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November 11, 2002

Shifty-Eyed Crabs Are an Extreme Discovery

From a crab-loving city comes research on a shifty-eyed species of crab that only a scientist could love.

The Nov. 7 issue of Nature features the work of UMBC marine biologist and vision scientist Tom Cronin, who was part of a team of researchers studying the amazing eyes of Bythograea thermydron, a rarely seen species of crab that thrives in the extreme heat and darkness of thermal vents two-and-a-half kilometers beneath the Pacific Ocean. The crab's unusual and little-understood visual system makes it quite a scientific catch, since its vision changes three times during its life cycle as it adapts to environmental changes.

Cronin is a marine vision specialist who has dived around the globe while conducting research as a faculty member at UMBC. For two years, Cronin's colleagues at the University of Delaware searched the dark depths of the Pacific near the Galapagos Islands before making a lucky grab with the claws of the deep-sea submersible ALVIN that yielded an adult Bythograea thermydron with a cluster of eggs attached to its shell.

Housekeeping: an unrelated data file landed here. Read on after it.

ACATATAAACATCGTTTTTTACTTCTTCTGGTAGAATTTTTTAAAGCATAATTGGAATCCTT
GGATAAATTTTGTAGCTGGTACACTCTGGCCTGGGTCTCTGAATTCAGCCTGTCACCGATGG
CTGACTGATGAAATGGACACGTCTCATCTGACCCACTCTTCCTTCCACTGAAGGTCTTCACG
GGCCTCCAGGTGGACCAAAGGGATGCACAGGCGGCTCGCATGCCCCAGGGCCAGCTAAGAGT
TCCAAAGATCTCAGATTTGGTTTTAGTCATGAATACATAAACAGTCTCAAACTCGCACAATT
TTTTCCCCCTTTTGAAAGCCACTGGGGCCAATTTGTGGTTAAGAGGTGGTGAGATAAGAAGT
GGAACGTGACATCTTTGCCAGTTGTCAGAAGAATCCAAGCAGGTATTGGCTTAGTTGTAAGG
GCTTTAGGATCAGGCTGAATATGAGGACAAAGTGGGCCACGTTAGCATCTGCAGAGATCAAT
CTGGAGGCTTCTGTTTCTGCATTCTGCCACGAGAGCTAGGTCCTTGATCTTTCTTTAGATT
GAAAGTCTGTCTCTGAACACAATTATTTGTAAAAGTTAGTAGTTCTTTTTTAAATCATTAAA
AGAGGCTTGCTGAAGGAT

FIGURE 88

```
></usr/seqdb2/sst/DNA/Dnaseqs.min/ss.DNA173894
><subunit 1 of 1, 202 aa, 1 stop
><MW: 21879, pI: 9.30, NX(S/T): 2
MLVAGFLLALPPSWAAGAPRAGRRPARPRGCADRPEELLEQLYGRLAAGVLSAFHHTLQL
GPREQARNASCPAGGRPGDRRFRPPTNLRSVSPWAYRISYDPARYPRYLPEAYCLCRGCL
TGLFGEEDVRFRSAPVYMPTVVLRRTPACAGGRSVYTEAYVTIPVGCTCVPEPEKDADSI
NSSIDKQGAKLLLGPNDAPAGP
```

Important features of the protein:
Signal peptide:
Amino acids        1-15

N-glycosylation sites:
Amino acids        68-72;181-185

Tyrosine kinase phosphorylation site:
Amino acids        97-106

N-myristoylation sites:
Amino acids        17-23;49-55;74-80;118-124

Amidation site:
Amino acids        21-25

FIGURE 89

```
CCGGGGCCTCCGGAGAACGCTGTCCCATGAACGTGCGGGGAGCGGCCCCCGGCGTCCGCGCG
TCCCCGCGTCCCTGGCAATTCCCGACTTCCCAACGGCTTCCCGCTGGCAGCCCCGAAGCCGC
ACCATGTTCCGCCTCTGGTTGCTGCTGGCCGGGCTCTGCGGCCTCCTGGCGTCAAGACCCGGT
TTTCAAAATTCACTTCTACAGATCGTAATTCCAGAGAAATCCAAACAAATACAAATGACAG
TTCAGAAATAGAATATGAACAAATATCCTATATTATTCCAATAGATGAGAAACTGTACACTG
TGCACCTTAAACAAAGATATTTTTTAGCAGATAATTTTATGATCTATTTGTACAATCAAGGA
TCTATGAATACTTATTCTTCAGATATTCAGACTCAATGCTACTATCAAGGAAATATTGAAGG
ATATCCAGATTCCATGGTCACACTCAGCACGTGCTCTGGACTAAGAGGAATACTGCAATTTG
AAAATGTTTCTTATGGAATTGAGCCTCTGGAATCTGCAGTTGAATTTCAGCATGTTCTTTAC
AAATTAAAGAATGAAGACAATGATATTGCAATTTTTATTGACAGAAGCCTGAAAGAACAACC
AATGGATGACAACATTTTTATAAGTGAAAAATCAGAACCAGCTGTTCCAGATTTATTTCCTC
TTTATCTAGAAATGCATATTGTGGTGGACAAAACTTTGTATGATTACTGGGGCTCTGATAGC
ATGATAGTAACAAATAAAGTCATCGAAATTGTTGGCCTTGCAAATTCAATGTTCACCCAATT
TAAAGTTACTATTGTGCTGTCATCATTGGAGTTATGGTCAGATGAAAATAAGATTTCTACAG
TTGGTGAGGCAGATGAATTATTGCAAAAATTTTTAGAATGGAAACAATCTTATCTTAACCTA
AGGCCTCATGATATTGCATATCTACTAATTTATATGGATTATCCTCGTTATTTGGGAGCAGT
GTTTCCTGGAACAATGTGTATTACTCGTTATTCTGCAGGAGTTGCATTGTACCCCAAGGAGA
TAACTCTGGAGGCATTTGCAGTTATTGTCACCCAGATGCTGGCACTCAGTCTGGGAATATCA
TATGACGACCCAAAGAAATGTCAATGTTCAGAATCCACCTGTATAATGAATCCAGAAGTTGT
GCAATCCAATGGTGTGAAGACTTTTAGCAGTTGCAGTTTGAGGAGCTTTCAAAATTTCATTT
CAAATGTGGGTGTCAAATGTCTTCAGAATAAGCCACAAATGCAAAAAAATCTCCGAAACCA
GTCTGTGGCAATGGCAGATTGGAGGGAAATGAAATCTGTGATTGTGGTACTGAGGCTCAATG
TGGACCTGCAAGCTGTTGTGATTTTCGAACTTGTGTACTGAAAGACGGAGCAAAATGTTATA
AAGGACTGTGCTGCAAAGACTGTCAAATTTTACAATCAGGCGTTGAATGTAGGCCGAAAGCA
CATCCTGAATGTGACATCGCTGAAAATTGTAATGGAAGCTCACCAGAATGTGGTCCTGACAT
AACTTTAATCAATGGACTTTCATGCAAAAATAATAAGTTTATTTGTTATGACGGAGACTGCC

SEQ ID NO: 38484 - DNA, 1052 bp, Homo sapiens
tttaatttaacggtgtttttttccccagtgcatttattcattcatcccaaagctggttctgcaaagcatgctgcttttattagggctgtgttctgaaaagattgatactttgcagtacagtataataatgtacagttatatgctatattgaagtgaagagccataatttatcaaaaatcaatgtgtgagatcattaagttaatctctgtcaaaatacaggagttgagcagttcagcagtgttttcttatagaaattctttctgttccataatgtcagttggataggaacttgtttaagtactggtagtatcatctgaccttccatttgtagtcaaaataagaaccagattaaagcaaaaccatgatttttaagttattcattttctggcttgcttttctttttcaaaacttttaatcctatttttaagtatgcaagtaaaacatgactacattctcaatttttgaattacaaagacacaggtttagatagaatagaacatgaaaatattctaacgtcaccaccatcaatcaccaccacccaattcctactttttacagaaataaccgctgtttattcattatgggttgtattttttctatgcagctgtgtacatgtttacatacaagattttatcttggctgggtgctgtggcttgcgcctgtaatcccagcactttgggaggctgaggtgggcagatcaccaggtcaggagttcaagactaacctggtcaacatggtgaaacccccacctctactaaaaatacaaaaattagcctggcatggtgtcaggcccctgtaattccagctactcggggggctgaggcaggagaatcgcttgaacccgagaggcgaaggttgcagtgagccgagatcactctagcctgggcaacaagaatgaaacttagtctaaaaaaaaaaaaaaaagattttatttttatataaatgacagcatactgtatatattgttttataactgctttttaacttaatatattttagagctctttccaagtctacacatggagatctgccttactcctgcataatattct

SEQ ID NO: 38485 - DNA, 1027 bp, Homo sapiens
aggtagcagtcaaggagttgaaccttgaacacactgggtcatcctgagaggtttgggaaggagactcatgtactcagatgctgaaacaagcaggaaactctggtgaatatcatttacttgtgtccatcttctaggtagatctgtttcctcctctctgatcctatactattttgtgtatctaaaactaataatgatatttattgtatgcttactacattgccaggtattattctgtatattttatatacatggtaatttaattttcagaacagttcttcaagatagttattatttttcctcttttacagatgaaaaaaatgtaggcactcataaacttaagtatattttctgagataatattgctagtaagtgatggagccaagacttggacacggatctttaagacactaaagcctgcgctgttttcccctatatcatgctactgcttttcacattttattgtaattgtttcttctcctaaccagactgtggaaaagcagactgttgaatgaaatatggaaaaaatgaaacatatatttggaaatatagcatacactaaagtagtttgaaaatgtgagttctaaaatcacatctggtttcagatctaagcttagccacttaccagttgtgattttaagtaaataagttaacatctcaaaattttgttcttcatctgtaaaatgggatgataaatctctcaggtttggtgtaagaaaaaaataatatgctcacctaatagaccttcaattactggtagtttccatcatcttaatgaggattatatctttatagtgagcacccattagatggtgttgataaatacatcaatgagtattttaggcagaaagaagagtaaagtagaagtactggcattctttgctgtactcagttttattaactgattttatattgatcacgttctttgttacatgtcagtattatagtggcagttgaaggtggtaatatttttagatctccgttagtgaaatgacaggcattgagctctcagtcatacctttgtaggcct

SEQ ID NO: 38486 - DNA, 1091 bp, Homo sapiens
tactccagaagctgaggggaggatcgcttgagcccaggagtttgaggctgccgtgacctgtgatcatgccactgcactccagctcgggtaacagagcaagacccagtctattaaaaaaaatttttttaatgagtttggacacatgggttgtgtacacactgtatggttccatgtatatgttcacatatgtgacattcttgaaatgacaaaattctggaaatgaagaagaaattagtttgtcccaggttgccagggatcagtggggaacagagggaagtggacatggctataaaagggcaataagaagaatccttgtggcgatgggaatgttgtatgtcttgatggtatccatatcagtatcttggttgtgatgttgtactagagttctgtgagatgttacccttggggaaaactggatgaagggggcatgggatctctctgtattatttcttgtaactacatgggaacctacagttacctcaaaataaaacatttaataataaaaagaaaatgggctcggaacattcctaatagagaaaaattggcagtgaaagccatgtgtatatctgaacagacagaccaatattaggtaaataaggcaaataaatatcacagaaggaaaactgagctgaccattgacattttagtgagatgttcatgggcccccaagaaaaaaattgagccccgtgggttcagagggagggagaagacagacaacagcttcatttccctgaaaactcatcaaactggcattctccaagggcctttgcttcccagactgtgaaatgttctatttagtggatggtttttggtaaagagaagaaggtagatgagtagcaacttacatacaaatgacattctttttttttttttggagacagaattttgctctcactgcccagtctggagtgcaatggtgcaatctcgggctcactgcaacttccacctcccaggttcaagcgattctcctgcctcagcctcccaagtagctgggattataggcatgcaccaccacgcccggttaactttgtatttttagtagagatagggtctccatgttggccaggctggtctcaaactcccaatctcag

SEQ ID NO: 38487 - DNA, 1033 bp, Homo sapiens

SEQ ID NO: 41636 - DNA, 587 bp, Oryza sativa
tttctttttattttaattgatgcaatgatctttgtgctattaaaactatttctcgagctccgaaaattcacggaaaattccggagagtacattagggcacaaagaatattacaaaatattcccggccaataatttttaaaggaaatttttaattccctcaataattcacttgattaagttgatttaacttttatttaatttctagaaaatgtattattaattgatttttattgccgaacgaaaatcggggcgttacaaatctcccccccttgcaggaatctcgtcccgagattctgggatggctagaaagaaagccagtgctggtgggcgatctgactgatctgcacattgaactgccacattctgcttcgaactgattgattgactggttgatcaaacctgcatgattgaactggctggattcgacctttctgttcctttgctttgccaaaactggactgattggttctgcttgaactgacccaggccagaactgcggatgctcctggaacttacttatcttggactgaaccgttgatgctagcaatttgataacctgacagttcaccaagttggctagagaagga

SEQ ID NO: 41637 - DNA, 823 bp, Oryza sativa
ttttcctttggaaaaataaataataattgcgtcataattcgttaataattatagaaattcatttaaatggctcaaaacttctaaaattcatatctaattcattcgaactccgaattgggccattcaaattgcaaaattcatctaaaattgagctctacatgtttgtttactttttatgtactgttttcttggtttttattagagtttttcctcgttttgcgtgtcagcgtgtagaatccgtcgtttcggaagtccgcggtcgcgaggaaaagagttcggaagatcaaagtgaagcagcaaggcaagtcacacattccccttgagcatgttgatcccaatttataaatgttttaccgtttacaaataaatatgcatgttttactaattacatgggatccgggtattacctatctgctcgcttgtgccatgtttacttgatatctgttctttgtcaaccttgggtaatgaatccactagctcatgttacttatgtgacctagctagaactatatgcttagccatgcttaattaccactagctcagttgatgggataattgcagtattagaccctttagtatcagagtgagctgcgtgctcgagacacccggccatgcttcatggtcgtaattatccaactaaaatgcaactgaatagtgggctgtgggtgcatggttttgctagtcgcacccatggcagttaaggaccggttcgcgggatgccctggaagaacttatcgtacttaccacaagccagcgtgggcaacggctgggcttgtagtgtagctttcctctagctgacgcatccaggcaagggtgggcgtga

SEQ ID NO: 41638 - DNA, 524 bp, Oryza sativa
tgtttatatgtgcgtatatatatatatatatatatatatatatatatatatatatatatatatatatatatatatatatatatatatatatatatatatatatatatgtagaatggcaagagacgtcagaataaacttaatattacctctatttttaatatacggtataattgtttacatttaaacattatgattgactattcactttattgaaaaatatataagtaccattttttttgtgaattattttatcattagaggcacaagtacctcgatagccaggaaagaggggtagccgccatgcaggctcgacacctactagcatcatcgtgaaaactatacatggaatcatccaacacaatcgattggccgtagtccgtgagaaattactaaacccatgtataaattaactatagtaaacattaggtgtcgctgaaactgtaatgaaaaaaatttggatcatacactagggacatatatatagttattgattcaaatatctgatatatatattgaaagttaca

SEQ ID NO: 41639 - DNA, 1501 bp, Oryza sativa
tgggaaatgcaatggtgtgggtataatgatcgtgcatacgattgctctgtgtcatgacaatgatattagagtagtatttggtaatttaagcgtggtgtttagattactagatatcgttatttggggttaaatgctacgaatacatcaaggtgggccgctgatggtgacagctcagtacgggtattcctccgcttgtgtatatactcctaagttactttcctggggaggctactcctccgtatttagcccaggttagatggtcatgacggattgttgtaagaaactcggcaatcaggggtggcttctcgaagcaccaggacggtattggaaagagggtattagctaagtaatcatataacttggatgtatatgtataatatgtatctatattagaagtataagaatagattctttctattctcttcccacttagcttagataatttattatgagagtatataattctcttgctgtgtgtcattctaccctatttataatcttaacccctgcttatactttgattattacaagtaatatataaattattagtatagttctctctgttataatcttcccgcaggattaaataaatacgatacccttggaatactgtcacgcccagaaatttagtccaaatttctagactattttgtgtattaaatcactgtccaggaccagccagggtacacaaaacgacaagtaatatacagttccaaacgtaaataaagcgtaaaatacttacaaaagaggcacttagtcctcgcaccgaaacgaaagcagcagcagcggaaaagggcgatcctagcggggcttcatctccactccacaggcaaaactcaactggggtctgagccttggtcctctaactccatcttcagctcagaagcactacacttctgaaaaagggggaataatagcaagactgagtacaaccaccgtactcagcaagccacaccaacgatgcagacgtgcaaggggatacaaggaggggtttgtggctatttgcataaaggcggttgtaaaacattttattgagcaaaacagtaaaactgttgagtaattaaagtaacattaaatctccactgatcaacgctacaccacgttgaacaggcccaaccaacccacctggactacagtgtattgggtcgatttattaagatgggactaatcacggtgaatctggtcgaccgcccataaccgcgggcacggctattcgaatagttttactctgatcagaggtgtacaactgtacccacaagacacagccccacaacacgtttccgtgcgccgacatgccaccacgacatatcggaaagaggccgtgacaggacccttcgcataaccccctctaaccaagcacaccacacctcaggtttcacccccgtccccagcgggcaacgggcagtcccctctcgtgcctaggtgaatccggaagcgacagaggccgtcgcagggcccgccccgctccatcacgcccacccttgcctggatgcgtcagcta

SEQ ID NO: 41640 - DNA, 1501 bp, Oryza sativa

"It's a radical change in vision and an exciting discovery because these crabs are so hard to come by and the larvae are even tougher to find," says Cronin.

The research team successfully hatched the eggs in a darkened lab to track the visual metamorphosis and was amazed at what they saw. The larval stage, which develops in the blue light of the ocean's middle depths, has a compound eye like an insect. As they mature, they head for deeper, darker waters, and their eyes adapt to see fainter light like that of bioluminescence. By the adult stage, the crabs reach the thermal vents where their retinas seem to be capable of visualizing heat from water percolating from the vents.

This is the third Nature appearance for Cronin, who was also recently awarded a Graduate Education Award for Excellence in Teaching and Dedicated Service from the University of Maryland Graduate Student Organization. Earlier this fall, Cronin was elected as a Fellow of the American Academy for the Advancement of Science for his work on the ecology of animal vision.

Posted by dwinds1 at November 11, 2002 12:00 AM